By Jake Donovan
Seven months after losing his super middleweight title on the road, Robert Stieglitz enjoyed the mother of all homecomings.
A packed crowd of over 8,000 at the GETEC Arena in Magdeburg, Germany saw their hometown favorite avenge last year’s narrow loss to Arthur Abraham with an emphatic stoppage win. Stieglitz was relentless from the opening bell, unloading on his prior conqueror before forcing the two-division titlist to quit on his stool at the start of the fourth round.
The book has been out on Abraham’s reputation as a notoriously slow starter. Stieglitz took advantage in the first fight and did so again on Saturday, attacking his familiar foe immediately from the opening bell. Abraham made a mid-round adjustment, finally letting his hands go, but the sequence was just a burst as Stieglitz resumed control in the final minute to outwork the defending titlist.
It was the closest that Abraham came to being competitive at any point in the fight.
Stieglitz continued to fight like a man hell-bent on revenge. The 31-year old had previously served as a super middleweight titlist for more than three years before conceding the crown in a tightly contested affair last August. There was nothing that was going to allow the title to leave his hometown on this night.
“It was very important,” Stieglitz said of reversing last year’s loss. “I wanted this win and my title back. This was a very important win.”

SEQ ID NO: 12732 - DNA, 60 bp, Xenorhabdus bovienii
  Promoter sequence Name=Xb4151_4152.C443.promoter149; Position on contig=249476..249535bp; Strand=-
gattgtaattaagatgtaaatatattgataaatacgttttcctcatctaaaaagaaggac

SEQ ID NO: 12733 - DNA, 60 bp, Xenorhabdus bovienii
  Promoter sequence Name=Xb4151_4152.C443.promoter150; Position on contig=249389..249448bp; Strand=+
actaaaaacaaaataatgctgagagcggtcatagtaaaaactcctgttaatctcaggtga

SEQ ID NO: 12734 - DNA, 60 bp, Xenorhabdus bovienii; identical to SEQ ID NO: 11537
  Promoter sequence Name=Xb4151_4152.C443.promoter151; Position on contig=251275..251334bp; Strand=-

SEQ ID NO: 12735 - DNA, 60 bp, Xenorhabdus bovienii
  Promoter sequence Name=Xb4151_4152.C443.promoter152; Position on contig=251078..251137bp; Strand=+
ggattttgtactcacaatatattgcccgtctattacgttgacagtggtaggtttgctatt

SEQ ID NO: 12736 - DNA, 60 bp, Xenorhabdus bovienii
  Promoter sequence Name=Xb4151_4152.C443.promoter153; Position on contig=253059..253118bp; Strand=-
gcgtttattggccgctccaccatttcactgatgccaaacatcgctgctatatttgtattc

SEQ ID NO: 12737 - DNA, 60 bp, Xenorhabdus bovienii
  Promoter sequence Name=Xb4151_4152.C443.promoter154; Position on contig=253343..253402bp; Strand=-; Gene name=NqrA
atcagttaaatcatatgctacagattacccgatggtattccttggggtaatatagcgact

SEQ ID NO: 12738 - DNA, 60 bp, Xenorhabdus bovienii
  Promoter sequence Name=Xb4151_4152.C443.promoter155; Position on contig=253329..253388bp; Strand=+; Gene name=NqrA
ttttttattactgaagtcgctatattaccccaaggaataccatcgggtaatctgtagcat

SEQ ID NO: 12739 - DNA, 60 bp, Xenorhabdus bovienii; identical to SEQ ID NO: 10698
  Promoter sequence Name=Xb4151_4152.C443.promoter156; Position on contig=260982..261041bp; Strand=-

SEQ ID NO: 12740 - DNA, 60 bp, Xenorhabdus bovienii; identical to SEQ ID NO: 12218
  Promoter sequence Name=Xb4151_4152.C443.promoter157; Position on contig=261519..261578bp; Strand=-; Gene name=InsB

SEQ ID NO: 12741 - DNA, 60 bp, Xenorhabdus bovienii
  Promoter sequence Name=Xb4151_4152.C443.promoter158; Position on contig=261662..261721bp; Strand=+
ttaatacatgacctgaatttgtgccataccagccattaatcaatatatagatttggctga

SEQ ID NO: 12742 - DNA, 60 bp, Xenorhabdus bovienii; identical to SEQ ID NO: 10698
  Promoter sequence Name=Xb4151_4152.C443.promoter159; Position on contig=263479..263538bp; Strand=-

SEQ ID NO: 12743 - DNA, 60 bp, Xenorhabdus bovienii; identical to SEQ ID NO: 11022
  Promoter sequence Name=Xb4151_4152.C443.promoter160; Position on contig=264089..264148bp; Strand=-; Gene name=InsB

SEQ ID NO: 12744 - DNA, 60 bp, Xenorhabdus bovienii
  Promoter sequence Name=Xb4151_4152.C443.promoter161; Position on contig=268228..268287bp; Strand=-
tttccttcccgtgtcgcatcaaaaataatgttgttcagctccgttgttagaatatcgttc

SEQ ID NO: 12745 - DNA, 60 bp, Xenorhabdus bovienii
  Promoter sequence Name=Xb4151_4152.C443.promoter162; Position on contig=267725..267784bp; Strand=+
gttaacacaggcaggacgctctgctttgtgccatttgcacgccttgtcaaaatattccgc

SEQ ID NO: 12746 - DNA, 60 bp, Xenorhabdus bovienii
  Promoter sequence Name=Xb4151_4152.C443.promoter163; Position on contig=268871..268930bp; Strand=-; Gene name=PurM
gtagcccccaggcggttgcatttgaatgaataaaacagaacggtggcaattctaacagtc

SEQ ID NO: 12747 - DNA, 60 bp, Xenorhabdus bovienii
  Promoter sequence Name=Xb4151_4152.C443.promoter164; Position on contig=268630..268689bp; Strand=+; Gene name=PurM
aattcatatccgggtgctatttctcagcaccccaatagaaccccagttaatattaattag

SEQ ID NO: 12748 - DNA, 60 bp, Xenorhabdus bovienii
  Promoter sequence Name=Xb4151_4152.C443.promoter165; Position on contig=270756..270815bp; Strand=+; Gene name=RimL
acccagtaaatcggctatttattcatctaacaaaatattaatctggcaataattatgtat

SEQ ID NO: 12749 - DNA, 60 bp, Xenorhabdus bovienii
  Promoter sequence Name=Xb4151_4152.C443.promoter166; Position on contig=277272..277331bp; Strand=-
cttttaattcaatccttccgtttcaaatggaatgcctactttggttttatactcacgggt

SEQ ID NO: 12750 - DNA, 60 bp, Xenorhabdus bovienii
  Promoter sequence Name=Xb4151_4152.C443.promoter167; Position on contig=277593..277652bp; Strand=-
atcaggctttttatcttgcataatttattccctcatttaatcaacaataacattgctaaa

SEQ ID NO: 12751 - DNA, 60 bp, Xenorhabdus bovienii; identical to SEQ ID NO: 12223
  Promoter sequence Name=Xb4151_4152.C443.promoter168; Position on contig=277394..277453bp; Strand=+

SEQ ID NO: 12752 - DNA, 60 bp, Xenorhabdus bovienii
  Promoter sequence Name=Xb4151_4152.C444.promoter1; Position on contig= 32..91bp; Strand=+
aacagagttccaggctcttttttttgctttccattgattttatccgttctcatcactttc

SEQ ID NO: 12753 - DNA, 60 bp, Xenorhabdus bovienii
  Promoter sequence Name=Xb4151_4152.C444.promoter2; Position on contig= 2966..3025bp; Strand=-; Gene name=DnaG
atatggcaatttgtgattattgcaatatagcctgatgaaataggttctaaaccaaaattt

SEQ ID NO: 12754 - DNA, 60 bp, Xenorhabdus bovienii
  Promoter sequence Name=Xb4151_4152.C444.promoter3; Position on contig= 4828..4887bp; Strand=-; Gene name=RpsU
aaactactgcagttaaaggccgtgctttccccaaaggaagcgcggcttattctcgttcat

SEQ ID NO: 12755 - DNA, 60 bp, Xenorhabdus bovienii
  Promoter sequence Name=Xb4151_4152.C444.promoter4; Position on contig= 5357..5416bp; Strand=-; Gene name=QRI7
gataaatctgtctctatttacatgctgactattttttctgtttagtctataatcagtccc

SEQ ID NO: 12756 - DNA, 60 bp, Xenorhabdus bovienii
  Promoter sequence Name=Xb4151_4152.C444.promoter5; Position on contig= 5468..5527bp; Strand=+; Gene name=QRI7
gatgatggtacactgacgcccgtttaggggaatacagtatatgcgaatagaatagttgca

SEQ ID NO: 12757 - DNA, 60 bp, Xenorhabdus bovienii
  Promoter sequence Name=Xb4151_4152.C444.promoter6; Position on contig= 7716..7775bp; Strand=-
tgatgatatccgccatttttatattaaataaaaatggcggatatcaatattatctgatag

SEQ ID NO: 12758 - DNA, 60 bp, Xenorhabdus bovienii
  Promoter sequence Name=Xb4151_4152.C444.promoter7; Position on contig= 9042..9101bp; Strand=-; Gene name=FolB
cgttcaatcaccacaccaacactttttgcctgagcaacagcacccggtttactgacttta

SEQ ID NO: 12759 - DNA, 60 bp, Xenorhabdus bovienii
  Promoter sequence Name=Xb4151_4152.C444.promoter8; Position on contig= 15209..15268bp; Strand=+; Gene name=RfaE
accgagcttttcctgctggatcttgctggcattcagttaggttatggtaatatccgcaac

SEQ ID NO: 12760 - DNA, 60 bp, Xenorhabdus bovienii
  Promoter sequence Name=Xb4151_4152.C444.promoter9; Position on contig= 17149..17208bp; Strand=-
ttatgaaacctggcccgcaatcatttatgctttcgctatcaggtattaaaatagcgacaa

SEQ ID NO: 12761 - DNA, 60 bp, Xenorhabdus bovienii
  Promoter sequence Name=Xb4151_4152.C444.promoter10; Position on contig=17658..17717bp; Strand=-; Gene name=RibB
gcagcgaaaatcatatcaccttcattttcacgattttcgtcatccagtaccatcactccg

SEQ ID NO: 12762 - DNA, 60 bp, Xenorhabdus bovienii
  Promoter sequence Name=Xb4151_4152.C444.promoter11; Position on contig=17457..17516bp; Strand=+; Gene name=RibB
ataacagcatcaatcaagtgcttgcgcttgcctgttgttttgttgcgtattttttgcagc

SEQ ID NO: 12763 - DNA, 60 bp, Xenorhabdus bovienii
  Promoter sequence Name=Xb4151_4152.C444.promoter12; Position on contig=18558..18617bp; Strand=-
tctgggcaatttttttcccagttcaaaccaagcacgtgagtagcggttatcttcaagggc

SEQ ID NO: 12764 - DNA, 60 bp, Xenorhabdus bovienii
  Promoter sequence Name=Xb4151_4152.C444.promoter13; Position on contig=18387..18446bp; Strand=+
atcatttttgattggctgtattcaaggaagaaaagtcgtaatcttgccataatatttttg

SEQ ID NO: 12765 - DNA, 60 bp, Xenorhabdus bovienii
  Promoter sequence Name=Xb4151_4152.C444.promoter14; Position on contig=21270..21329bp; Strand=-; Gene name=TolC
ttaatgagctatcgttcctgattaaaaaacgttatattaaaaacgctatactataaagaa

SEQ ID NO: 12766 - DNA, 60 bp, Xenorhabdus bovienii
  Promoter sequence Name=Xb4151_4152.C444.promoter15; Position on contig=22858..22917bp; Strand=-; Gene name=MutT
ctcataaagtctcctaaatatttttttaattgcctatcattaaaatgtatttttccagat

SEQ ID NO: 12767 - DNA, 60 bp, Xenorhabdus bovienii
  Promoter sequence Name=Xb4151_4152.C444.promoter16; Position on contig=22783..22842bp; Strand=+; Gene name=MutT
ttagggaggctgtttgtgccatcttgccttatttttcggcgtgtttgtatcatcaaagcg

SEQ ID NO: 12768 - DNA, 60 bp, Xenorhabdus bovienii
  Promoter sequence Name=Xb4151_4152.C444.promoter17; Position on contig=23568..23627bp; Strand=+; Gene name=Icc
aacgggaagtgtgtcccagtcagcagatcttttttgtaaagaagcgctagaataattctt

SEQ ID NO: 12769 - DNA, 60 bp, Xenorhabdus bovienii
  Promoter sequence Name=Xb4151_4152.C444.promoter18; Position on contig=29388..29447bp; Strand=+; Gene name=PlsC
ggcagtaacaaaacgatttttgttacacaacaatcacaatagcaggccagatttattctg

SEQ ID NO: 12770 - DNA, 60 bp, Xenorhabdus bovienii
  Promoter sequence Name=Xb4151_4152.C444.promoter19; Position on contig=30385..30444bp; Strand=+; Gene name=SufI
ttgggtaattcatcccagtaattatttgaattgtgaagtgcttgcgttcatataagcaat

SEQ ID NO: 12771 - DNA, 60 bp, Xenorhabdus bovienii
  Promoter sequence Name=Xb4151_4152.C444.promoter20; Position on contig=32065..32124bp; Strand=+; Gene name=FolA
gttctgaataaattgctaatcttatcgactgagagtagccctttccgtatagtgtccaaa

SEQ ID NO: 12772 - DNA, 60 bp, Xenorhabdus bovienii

The win became doubly satisfying after accomplishing what no other fighter was able to do – stop the granite-chinned Armenian. The beginning of the end came late in round two, when constant pressure from Stieglitz led to Abraham’s left eye rapidly swelling shut.
The onslaught continued in round three, as Stieglitz treated the wound like a poster-sized bullseye.
“It was much easier as the challenger to win the fight and regain my title. The crowd was behind me and the more I hit his eye, I knew it would close.”
Repeated head shots from Stieglitz provided such facial damage. Abraham was in trouble at several points in a one-sided round, wisely clinching at times while resorting to dirty tactics on other occasions. Referee Michael Ortega ordered a point deduction from Abraham’s tally for rabbit punching, though the scorecards soon became a moot point.
Battered and wounded, Abraham sat on his stool with vision drastically impaired. His left eye swollen all the way shut, a stoppage was inevitable.
The 33-year old was spared further damage when the fight was stopped in between rounds, with the official time 0:02 of round four.
“We worked a long time on my punching power,” noted Stieglitz, whose record improves to 44-3 (25KO) in his second tour as a 168 lb. titlist. “I landed my punches tonight and my power showed.”
Abraham was thought to boast the considerable power advantage, but was never given a chance by the challenger to get untracked. The two-division champ saw Stieglitz land more than two times as many power shots in the three round affair, leading to the first stoppage loss of his career as he ffalls to 36-4 (28KO).